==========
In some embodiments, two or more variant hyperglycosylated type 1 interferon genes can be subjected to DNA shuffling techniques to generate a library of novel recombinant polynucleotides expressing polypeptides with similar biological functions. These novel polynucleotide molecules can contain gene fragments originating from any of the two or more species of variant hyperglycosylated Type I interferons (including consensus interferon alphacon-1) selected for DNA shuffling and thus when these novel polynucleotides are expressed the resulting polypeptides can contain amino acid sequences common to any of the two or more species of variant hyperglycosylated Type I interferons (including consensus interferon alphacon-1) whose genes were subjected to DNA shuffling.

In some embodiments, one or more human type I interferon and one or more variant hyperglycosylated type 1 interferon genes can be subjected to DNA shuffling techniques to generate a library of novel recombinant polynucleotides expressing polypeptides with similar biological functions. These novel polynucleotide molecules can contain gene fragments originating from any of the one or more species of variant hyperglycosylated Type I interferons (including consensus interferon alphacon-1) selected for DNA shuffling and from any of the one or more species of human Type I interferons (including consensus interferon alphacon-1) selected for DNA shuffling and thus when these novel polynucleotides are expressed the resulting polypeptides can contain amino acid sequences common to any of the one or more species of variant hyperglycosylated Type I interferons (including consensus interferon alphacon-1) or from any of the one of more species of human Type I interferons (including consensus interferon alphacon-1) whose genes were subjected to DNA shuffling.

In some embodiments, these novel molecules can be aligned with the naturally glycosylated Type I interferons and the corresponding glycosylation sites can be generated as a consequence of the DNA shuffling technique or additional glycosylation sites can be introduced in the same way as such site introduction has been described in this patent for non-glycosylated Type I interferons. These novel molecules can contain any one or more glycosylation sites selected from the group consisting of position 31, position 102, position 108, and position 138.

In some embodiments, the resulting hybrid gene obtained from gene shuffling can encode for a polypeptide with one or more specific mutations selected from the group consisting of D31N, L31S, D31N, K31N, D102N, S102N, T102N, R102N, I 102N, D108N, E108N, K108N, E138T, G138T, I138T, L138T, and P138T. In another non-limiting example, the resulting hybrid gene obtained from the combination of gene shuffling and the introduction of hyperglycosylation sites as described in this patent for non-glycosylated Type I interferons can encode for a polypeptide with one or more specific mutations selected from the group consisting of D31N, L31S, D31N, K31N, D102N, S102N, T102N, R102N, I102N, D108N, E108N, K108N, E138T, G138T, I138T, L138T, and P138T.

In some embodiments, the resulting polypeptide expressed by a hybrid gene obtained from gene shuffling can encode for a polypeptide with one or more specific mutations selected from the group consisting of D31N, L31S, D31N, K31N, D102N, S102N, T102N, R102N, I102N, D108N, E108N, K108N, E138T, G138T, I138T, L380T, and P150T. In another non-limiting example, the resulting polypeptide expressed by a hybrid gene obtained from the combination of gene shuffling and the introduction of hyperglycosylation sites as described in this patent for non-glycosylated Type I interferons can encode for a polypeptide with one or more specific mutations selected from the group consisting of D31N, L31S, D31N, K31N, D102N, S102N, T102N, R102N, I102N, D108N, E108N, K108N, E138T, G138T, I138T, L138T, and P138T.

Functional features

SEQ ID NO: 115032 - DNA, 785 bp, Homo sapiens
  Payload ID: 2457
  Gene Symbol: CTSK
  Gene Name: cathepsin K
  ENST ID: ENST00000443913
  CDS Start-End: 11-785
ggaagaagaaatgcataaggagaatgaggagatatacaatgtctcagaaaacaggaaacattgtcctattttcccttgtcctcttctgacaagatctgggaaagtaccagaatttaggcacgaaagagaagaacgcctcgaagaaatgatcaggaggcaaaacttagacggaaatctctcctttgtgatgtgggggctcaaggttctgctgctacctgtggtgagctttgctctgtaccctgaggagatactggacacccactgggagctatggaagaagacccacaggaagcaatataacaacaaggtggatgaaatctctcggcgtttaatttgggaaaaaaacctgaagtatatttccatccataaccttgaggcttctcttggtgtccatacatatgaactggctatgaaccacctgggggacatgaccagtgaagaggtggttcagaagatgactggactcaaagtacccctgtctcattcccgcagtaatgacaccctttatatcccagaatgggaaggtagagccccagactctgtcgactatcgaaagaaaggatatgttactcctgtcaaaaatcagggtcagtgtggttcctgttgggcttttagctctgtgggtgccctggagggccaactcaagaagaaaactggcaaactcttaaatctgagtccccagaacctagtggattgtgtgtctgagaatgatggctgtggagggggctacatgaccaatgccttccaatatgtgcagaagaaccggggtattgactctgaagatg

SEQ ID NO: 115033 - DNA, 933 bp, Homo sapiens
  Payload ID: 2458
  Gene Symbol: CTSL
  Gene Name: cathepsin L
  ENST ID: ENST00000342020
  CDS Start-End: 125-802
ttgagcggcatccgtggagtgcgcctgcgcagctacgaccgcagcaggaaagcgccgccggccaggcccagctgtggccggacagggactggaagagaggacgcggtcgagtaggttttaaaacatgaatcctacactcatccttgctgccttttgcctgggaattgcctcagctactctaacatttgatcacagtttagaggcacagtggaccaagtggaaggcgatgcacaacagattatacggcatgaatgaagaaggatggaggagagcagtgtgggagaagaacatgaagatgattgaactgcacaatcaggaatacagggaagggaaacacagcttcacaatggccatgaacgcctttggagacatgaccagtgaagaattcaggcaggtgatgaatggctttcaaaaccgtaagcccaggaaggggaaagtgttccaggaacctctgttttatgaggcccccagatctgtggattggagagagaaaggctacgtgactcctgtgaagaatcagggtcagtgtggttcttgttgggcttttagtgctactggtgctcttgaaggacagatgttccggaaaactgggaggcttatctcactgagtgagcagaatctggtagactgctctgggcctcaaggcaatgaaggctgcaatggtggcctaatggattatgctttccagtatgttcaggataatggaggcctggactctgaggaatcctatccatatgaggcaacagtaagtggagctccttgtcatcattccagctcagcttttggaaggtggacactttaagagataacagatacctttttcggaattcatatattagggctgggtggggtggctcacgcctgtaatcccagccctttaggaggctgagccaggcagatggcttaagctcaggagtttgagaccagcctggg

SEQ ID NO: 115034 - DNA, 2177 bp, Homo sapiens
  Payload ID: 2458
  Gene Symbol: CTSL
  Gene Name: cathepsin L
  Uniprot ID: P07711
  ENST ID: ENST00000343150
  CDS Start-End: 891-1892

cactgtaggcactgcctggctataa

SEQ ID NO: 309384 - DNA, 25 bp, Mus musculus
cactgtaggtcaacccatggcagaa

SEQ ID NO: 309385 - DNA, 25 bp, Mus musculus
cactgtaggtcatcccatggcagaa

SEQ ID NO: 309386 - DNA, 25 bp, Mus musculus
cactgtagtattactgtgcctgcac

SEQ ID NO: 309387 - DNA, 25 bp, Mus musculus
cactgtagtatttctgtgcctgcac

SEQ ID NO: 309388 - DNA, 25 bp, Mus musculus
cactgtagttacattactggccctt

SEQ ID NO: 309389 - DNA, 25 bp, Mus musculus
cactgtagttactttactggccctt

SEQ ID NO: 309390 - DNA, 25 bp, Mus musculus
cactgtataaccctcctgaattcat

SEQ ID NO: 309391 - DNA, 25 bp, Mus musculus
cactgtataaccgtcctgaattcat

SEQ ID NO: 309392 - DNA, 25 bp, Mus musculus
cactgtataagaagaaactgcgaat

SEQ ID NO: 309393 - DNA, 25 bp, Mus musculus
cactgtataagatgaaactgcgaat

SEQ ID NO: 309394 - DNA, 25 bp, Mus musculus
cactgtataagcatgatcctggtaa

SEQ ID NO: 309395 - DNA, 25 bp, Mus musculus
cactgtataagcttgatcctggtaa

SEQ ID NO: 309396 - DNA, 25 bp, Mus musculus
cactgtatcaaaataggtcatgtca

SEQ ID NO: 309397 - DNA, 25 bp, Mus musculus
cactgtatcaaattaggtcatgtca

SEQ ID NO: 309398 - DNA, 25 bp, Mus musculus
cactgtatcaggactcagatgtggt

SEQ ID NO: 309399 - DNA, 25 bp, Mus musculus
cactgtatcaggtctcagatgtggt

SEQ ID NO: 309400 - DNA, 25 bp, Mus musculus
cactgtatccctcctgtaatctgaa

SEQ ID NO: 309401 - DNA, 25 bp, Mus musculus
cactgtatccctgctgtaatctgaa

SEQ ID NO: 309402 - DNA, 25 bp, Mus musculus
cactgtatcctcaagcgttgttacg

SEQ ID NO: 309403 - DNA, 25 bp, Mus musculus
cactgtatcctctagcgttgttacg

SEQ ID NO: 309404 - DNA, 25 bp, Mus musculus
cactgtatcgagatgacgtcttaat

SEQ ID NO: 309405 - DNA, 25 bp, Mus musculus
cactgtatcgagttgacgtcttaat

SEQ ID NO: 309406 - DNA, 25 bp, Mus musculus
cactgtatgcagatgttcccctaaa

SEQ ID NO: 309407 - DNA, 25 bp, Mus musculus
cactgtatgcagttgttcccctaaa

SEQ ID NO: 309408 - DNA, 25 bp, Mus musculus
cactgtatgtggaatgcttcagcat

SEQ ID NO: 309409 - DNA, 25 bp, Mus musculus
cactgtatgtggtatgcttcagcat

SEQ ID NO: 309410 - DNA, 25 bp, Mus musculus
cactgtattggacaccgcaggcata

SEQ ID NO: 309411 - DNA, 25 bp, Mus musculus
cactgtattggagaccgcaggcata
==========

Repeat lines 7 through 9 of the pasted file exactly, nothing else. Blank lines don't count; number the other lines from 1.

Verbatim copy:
SEQ ID NO: 115032 - DNA, 785 bp, Homo sapiens
  Payload ID: 2457
  Gene Symbol: CTSK